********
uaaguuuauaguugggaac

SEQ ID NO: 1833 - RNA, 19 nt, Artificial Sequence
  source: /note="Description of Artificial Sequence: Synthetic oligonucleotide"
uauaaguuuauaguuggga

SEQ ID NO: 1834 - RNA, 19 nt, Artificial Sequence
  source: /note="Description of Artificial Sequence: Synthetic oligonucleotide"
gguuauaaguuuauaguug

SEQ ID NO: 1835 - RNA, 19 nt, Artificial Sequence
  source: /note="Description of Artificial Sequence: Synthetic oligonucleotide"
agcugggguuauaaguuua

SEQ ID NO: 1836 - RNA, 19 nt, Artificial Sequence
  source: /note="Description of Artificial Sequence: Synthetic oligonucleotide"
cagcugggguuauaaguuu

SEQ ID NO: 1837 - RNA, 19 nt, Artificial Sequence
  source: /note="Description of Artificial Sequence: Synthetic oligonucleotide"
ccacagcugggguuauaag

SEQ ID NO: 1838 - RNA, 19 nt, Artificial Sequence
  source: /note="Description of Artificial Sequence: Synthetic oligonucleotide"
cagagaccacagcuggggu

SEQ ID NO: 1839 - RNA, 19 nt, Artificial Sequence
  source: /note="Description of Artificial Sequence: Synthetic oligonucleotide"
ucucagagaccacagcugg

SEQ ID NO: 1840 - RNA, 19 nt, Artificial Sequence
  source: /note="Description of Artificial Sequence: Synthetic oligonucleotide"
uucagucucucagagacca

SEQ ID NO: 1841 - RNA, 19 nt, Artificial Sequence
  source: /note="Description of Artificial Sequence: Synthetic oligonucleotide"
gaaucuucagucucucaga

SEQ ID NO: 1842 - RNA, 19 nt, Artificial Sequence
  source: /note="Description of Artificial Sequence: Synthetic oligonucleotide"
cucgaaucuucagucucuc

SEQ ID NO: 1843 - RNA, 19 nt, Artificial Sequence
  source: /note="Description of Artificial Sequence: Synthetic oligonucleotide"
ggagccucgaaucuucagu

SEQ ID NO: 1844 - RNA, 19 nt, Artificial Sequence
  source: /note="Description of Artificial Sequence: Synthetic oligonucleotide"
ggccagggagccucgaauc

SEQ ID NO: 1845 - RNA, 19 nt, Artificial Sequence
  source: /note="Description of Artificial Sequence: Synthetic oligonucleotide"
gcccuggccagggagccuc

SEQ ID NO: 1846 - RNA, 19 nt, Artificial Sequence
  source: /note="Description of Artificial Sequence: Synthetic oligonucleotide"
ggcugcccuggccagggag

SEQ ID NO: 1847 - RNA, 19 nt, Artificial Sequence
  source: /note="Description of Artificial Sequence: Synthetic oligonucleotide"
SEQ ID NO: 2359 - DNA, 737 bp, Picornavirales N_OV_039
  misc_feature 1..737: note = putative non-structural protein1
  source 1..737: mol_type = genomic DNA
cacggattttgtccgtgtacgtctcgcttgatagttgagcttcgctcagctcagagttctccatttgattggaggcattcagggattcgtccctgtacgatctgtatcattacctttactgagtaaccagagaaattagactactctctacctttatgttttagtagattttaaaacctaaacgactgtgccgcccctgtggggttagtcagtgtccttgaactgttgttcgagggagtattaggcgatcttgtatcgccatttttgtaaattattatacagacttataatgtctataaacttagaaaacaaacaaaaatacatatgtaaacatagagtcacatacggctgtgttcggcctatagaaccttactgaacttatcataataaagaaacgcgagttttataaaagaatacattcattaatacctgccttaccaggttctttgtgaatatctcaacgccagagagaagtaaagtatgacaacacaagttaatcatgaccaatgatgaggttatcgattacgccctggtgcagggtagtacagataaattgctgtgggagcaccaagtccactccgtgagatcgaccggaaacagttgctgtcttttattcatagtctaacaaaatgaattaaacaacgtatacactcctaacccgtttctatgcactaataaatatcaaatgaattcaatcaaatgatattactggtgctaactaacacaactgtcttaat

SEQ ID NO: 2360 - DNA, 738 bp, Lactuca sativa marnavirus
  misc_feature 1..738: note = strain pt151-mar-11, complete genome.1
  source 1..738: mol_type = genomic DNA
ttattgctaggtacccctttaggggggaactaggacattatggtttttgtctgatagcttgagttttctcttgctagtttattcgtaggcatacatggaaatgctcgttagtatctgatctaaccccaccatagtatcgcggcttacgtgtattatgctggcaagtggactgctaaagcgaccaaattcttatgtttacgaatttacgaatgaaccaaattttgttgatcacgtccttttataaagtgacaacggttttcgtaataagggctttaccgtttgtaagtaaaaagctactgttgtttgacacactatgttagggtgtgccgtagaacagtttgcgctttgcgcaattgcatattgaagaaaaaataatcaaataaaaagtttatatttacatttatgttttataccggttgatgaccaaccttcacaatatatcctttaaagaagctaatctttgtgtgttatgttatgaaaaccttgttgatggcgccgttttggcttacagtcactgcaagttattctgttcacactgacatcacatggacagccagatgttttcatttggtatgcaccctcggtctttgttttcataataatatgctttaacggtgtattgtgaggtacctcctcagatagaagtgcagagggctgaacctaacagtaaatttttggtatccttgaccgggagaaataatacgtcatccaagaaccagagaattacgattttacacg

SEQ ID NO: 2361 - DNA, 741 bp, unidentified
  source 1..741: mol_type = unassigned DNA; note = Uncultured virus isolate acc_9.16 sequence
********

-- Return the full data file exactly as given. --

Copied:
uaaguuuauaguugggaac

SEQ ID NO: 1833 - RNA, 19 nt, Artificial Sequence
  source: /note="Description of Artificial Sequence: Synthetic oligonucleotide"
uauaaguuuauaguuggga

SEQ ID NO: 1834 - RNA, 19 nt, Artificial Sequence
  source: /note="Description of Artificial Sequence: Synthetic oligonucleotide"
gguuauaaguuuauaguug

SEQ ID NO: 1835 - RNA, 19 nt, Artificial Sequence
  source: /note="Description of Artificial Sequence: Synthetic oligonucleotide"
agcugggguuauaaguuua

SEQ ID NO: 1836 - RNA, 19 nt, Artificial Sequence
  source: /note="Description of Artificial Sequence: Synthetic oligonucleotide"
cagcugggguuauaaguuu

SEQ ID NO: 1837 - RNA, 19 nt, Artificial Sequence
  source: /note="Description of Artificial Sequence: Synthetic oligonucleotide"
ccacagcugggguuauaag

SEQ ID NO: 1838 - RNA, 19 nt, Artificial Sequence
  source: /note="Description of Artificial Sequence: Synthetic oligonucleotide"
cagagaccacagcuggggu

SEQ ID NO: 1839 - RNA, 19 nt, Artificial Sequence
  source: /note="Description of Artificial Sequence: Synthetic oligonucleotide"
ucucagagaccacagcugg

SEQ ID NO: 1840 - RNA, 19 nt, Artificial Sequence
  source: /note="Description of Artificial Sequence: Synthetic oligonucleotide"
uucagucucucagagacca

SEQ ID NO: 1841 - RNA, 19 nt, Artificial Sequence
  source: /note="Description of Artificial Sequence: Synthetic oligonucleotide"
gaaucuucagucucucaga

SEQ ID NO: 1842 - RNA, 19 nt, Artificial Sequence
  source: /note="Description of Artificial Sequence: Synthetic oligonucleotide"
cucgaaucuucagucucuc

SEQ ID NO: 1843 - RNA, 19 nt, Artificial Sequence
  source: /note="Description of Artificial Sequence: Synthetic oligonucleotide"
ggagccucgaaucuucagu

SEQ ID NO: 1844 - RNA, 19 nt, Artificial Sequence
  source: /note="Description of Artificial Sequence: Synthetic oligonucleotide"
ggccagggagccucgaauc

SEQ ID NO: 1845 - RNA, 19 nt, Artificial Sequence
  source: /note="Description of Artificial Sequence: Synthetic oligonucleotide"
gcccuggccagggagccuc

SEQ ID NO: 1846 - RNA, 19 nt, Artificial Sequence
  source: /note="Description of Artificial Sequence: Synthetic oligonucleotide"
ggcugcccuggccagggag

SEQ ID NO: 1847 - RNA, 19 nt, Artificial Sequence
  source: /note="Description of Artificial Sequence: Synthetic oligonucleotide"
SEQ ID NO: 2359 - DNA, 737 bp, Picornavirales N_OV_039
  misc_feature 1..737: note = putative non-structural protein1
  source 1..737: mol_type = genomic DNA
cacggattttgtccgtgtacgtctcgcttgatagttgagcttcgctcagctcagagttctccatttgattggaggcattcagggattcgtccctgtacgatctgtatcattacctttactgagtaaccagagaaattagactactctctacctttatgttttagtagattttaaaacctaaacgactgtgccgcccctgtggggttagtcagtgtccttgaactgttgttcgagggagtattaggcgatcttgtatcgccatttttgtaaattattatacagacttataatgtctataaacttagaaaacaaacaaaaatacatatgtaaacatagagtcacatacggctgtgttcggcctatagaaccttactgaacttatcataataaagaaacgcgagttttataaaagaatacattcattaatacctgccttaccaggttctttgtgaatatctcaacgccagagagaagtaaagtatgacaacacaagttaatcatgaccaatgatgaggttatcgattacgccctggtgcagggtagtacagataaattgctgtgggagcaccaagtccactccgtgagatcgaccggaaacagttgctgtcttttattcatagtctaacaaaatgaattaaacaacgtatacactcctaacccgtttctatgcactaataaatatcaaatgaattcaatcaaatgatattactggtgctaactaacacaactgtcttaat

SEQ ID NO: 2360 - DNA, 738 bp, Lactuca sativa marnavirus
  misc_feature 1..738: note = strain pt151-mar-11, complete genome.1
  source 1..738: mol_type = genomic DNA
ttattgctaggtacccctttaggggggaactaggacattatggtttttgtctgatagcttgagttttctcttgctagtttattcgtaggcatacatggaaatgctcgttagtatctgatctaaccccaccatagtatcgcggcttacgtgtattatgctggcaagtggactgctaaagcgaccaaattcttatgtttacgaatttacgaatgaaccaaattttgttgatcacgtccttttataaagtgacaacggttttcgtaataagggctttaccgtttgtaagtaaaaagctactgttgtttgacacactatgttagggtgtgccgtagaacagtttgcgctttgcgcaattgcatattgaagaaaaaataatcaaataaaaagtttatatttacatttatgttttataccggttgatgaccaaccttcacaatatatcctttaaagaagctaatctttgtgtgttatgttatgaaaaccttgttgatggcgccgttttggcttacagtcactgcaagttattctgttcacactgacatcacatggacagccagatgttttcatttggtatgcaccctcggtctttgttttcataataatatgctttaacggtgtattgtgaggtacctcctcagatagaagtgcagagggctgaacctaacagtaaatttttggtatccttgaccgggagaaataatacgtcatccaagaaccagagaattacgattttacacg

SEQ ID NO: 2361 - DNA, 741 bp, unidentified
  source 1..741: mol_type = unassigned DNA; note = Uncultured virus isolate acc_9.16 sequence